Laura Agin
President
Middletown Township Board of Education


7 Comments

Filed under budget cuts, Laura Agin, Middletown Board of Education, Middletown NJ, open letter, school budgets

7 responses to “Open Letter from Middletown BOE President Laura Agin Requesting Residents To Support This Years School Budget

  1. Is she for real? They allowed teacher cuts and taking from kids. Where were cuts to the administration, superintendents, pricipals? Why not add anoter 1.5 percent contribution to healtcare benefits? Get real-it's 2010Vote a big fat NO to the budget.

  2. This years school budget calls for a 15% reduction in administrative staff.And the BOE can not just pass along a 1.5% increase in health care contributions to the teachers.Teachers are under contract until next year and changes in the contract have to be negotiated through collective bargaining.If the teachers were not willing to reopen their contract this year to accommodate Gov. Christie then there was nothing that the BOE could do about it.

  3. 2 weeks go I lost my job. This is twice in 5 years time.The MT Teachers and the BOE both need to wake up, and look at the unemployment statistics.Our taxes can not go up any higher, time to cut, deeper!!I'm voting NO for the budget!!

  4. To all the anonymous above, where would you cut? Do you even know how much was cut already from adminstration to custodians? You don't understand…NOTHING can be done to the current contracts with teachers. They are bound by law to honor them and that includes healthcare benefits untill the contracts are negotiated in 2011.Maybe then the NJEA will be facing a reality check.You think things are bad now, just wait if the budget fails. Everything under the sun will be cut to make up the difference. Don't start crying then, it will be too late. Get your facts straight before you make the wrong conclusions and decisions.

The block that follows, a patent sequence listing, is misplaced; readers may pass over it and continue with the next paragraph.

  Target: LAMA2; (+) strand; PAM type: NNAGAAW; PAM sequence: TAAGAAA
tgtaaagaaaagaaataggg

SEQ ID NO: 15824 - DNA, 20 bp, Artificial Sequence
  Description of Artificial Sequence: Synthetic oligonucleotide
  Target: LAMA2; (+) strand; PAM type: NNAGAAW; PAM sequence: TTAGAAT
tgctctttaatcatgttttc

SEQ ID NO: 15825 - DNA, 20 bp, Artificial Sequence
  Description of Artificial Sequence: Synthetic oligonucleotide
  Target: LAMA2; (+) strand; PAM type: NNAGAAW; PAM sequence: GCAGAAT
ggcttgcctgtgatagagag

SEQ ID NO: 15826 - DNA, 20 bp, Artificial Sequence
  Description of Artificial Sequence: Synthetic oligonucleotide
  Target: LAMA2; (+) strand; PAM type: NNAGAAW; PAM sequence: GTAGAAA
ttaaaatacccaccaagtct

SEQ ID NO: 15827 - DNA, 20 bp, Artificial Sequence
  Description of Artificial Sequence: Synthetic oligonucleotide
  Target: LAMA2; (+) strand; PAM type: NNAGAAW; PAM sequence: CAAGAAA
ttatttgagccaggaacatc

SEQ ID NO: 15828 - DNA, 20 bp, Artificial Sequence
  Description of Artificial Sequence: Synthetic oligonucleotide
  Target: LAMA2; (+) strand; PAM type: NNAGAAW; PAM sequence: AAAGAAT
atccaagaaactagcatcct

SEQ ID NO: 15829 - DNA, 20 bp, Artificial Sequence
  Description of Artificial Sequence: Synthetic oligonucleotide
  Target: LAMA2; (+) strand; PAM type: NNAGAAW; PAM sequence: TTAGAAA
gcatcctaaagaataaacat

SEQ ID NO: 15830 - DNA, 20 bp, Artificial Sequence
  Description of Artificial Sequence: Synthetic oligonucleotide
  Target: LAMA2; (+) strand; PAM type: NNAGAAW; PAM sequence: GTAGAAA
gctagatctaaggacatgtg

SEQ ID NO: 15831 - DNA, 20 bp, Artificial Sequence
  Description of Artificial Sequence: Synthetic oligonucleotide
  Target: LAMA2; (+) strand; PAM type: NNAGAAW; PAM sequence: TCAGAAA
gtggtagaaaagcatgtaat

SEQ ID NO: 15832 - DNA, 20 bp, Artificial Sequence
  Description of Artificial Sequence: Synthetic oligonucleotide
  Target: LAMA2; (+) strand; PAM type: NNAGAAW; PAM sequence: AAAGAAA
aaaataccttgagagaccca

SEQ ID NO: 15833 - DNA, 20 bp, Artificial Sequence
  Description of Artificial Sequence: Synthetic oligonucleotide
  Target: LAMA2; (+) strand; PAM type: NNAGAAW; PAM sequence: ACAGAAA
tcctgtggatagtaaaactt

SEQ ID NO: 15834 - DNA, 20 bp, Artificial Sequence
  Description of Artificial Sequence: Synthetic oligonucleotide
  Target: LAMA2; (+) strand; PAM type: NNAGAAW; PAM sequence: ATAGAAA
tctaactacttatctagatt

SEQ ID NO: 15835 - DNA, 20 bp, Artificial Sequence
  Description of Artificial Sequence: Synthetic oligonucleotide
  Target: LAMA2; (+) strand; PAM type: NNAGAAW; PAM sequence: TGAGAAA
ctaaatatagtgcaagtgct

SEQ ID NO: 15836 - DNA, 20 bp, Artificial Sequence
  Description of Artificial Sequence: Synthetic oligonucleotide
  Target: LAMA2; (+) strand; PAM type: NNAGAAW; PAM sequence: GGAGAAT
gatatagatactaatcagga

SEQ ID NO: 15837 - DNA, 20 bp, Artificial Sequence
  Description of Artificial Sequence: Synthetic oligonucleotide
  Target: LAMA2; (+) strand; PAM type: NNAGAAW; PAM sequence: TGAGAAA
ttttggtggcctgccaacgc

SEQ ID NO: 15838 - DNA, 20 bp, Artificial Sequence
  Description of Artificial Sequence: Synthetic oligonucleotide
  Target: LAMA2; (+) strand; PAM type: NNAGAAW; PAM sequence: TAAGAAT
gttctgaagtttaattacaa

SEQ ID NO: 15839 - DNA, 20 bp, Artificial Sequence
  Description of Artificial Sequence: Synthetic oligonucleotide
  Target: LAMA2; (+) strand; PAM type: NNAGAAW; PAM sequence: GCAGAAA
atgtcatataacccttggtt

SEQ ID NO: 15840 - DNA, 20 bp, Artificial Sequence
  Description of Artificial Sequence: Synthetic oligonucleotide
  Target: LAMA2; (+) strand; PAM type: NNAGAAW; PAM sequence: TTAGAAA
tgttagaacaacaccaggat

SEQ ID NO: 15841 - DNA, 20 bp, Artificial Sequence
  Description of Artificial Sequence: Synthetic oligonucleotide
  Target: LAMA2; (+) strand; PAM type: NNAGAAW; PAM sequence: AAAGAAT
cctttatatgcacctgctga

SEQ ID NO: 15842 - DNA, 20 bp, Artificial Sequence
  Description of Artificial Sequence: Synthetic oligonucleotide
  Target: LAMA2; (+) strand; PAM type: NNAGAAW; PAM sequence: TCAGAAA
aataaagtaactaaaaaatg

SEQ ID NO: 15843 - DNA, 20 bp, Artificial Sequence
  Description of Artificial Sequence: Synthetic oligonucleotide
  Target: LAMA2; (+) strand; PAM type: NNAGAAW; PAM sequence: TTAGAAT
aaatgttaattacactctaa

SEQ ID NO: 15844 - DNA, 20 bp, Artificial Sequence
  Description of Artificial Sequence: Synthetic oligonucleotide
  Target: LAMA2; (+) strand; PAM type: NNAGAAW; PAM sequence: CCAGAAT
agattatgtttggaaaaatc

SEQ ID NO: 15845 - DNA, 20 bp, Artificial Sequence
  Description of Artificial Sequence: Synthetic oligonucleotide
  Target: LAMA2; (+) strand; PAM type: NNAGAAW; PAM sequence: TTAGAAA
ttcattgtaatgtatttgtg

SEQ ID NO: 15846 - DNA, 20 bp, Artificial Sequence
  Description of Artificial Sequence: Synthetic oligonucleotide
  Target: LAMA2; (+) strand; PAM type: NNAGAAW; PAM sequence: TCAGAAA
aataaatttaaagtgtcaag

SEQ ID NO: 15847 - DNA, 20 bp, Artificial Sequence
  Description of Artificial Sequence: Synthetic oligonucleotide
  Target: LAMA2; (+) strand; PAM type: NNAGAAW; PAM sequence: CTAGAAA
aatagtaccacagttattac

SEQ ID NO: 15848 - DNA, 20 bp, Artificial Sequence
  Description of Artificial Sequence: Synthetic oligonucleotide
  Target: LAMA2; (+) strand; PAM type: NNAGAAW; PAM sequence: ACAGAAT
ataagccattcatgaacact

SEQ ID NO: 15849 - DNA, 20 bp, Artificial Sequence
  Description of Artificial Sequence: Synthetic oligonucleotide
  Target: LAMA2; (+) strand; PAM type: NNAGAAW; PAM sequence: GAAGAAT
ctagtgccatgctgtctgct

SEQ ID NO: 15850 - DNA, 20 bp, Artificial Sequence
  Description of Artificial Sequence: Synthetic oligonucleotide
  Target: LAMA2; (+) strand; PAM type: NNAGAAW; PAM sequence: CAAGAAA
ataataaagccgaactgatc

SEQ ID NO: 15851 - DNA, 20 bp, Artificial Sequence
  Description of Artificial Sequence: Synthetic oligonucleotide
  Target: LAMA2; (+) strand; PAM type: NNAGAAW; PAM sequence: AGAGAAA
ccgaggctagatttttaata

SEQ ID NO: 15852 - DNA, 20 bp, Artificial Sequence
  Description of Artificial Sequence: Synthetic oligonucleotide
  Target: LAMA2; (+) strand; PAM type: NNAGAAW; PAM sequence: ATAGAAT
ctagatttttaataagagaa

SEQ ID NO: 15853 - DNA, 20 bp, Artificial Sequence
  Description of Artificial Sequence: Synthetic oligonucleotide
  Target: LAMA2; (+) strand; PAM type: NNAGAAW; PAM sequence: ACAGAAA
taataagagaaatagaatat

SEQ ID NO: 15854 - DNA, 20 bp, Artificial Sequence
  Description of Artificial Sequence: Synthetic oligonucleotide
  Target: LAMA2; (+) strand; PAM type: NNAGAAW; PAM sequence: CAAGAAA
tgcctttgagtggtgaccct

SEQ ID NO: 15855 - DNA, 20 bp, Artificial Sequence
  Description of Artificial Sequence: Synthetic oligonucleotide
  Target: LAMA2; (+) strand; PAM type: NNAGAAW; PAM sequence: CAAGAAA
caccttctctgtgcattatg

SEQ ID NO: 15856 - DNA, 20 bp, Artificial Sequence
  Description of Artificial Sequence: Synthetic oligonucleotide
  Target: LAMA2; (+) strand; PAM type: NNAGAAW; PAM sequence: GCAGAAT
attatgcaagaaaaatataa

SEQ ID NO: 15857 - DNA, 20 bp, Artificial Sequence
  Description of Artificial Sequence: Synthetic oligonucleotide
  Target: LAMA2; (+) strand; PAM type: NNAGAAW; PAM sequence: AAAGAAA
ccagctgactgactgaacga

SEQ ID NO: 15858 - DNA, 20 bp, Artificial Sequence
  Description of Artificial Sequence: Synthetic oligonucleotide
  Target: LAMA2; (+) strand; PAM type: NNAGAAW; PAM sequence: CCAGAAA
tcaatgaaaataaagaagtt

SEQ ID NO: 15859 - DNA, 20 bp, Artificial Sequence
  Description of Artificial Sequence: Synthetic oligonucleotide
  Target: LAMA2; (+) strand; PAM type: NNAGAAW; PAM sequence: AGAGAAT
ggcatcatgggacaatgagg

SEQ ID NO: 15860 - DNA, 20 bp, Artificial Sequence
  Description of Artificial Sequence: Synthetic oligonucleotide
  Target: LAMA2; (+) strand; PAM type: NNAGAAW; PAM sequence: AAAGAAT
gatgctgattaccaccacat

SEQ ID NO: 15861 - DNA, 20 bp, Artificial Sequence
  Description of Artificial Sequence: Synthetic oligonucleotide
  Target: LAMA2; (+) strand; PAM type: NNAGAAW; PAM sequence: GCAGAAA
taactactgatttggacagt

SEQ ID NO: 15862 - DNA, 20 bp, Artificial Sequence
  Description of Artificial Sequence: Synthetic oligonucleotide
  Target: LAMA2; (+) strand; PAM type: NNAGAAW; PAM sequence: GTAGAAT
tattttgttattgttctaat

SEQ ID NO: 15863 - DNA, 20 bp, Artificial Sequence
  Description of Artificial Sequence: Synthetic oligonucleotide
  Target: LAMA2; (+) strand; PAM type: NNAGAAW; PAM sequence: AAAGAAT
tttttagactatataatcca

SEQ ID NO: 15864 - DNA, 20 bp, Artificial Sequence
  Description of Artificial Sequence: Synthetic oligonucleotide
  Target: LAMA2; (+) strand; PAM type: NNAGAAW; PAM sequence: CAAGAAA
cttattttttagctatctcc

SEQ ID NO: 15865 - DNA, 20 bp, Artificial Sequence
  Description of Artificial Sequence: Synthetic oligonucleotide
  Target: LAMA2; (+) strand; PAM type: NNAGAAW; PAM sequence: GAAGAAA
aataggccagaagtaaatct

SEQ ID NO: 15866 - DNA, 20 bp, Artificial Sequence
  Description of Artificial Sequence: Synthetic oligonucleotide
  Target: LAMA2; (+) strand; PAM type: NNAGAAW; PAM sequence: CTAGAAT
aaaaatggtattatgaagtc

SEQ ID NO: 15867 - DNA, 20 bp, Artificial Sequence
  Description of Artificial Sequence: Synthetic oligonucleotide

5. I am not a professional educator, but I am / was a business man. I would MUCH rather have to deal with a minor cut in "revenue" vs. my 100% reduction in total compensation. That said, the analogy still holds true, any / all discretionary costs need to be evaluated, and where possible eliminated. In our case, we can not ignore our mortgage, so we still try to pay it, but cable TV was disconnected on day 1.I would have hoped our BOE did the same type of analysis. From what I have read so far, most cuts have been the easy ones, non-tenured teachers for example.Does anyone know where a detailed copy of the '10-'11 budget can be reviewed? The current, public domain information, lacks the "Specifics" to try to make any educated recommendation. But I would hope our professional educators have both the knowledge, and access to the line items to make such a recommendation. It is still my opinion, that the budget we are all going to vote on 4/20, lacks such a rigorous review.Does anyone know, for example, if an outside professional was brought in to perform such a cost reduction analysis?Hopefully, after the budget is turned down, someone will conduct such a rigorous,independent review.

  6. Every contract is made to be broken